Scientists call for increased diversity in genomic research
Posted: 07 Jan 2019

Work by Professor Melinda Mills and Dr Charles Rahal has highlighted a lack of diversity in the people studies in genetic discovery research, with over 70% of subjects coming from either the UK, the USA, or Iceland.  Read the full article here.

Melinda Mills is Nuffield Professor of Sociology

‘Why should I trust you with my money?’ - New Article in the BJC
Posted: 11 Dec 2018

Professor Federico Varese's article " ‘Why should I trust you with my money?’: Credible commitments in the Informal Economy in China" looks at the illegal transfer of money in China, and has been published in the British Journal of Criminology.

Federico Varese is Deputy Head of Department, Taught Courses Director (2017-18), Professor of Criminology, Director of EXLEGI

Research by Professor Stephen Fisher in The Guardian
Posted: 10 Dec 2018

Research by the Department of Sociology's Professor Stephen Fisher featured strongly in a Guardian article on the “ethnic penalty” faced by minority ethnic candidates in elections last week.  The article discusses both the problems facing minority ethnic candidates and the fairness of selection processes, and you can read the full piece here.

Stephen Fisher is Director of Graduate Studies, Associate Professor in Political Sociology, Fellow of Trinity College and Department Disability Lead

Being born working class is bad for your health...
Posted: 12 Nov 2018

...and moving up the social ladder doesn’t compensate.  Patrick Präg and Lindsey Richards' article "showed that both origin and destination class matter. In fact, it seems that they each exert around the same level of influence. This means that your social class during childhood has a long reach and you cannot escape the health consequences of your social origins, even after climbing the social ladder all the way to the top."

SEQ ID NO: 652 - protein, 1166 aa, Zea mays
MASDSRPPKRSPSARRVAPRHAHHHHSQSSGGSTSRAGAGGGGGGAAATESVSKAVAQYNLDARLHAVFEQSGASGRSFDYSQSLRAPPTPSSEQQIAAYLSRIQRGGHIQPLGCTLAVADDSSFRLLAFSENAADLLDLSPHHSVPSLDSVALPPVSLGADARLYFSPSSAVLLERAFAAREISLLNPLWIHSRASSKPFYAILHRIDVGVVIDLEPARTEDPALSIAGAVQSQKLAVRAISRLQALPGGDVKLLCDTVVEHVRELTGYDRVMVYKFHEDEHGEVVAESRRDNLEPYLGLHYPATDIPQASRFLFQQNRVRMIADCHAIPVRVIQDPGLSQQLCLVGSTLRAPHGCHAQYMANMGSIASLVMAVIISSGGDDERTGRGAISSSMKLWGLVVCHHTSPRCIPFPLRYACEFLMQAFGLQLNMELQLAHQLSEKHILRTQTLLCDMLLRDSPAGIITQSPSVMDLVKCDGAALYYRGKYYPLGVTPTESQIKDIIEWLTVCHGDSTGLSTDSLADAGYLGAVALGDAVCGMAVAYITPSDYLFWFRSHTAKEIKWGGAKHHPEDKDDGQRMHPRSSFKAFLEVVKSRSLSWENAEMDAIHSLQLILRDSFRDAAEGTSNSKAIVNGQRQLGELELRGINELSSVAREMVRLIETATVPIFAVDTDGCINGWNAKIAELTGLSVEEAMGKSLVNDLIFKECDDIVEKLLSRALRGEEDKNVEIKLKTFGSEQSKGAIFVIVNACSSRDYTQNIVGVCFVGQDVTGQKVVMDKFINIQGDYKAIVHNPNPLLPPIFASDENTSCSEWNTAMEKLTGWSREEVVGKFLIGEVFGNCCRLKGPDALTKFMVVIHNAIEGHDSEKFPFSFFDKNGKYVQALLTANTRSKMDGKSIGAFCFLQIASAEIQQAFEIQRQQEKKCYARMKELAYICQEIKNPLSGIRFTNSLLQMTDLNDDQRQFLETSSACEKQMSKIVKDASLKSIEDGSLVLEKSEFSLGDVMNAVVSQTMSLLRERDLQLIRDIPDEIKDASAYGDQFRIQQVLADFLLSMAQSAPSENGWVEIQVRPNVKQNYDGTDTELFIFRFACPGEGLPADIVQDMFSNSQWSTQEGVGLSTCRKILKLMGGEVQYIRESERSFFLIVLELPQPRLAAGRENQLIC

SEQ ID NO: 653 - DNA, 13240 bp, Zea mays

Their article in The Conversation was picked up in the Independent, and their study was also published in the Journal of Epidemiology and Community Health.

The Hoods: Crime and Punishment in Belfast by Professor Heather Hamill - now available in paperback
Posted: 15 Mar 2018

In The Hoods, Heather Hamill explains why an informal system of policing and punishment developed and endured and why such harsh punishments as beatings, "kneecappings," and exile have not stopped hoods from offending.

A distinctive feature of the conflict in Northern Ireland over the past forty years has been the way Catholic and Protestant paramilitaries have policed their own communities. This has mainly involved the violent punishment of petty criminals involved in joyriding and other types of antisocial behavior. Between 1973 and 2007, more than 5,000 nonmilitary shootings and assaults were attributed to paramilitaries punishing their own people. But despite the risk of severe punishment, young petty offenders--known locally as "hoods"--continue to offend, creating a puzzle for the rational theory of criminal deterrence. Why do hoods behave in ways that invite violent punishment?

In The Hoods, Heather Hamill explains why this informal system of policing and punishment developed and endured and why such harsh punishments as beatings, "kneecappings," and exile have not stopped hoods from offending. Drawing on a variety of sources, including interviews with perpetrators and victims of this violence, the book argues that the hoods' risky offending may amount to a game in which hoods gain prestige by displaying hard-to-fake signals of toughness to each other. Violent physical punishment feeds into this signaling game, increasing the hoods' status by proving that they have committed serious offenses and can "manfully" take punishment yet remained undeterred. A rare combination of frontline research and pioneering ideas, The Hoods has important implications for our fundamental understanding of crime and punishment.

Further information

Heather Hamill is Associate Professor in Sociology, Fellow of St Cross College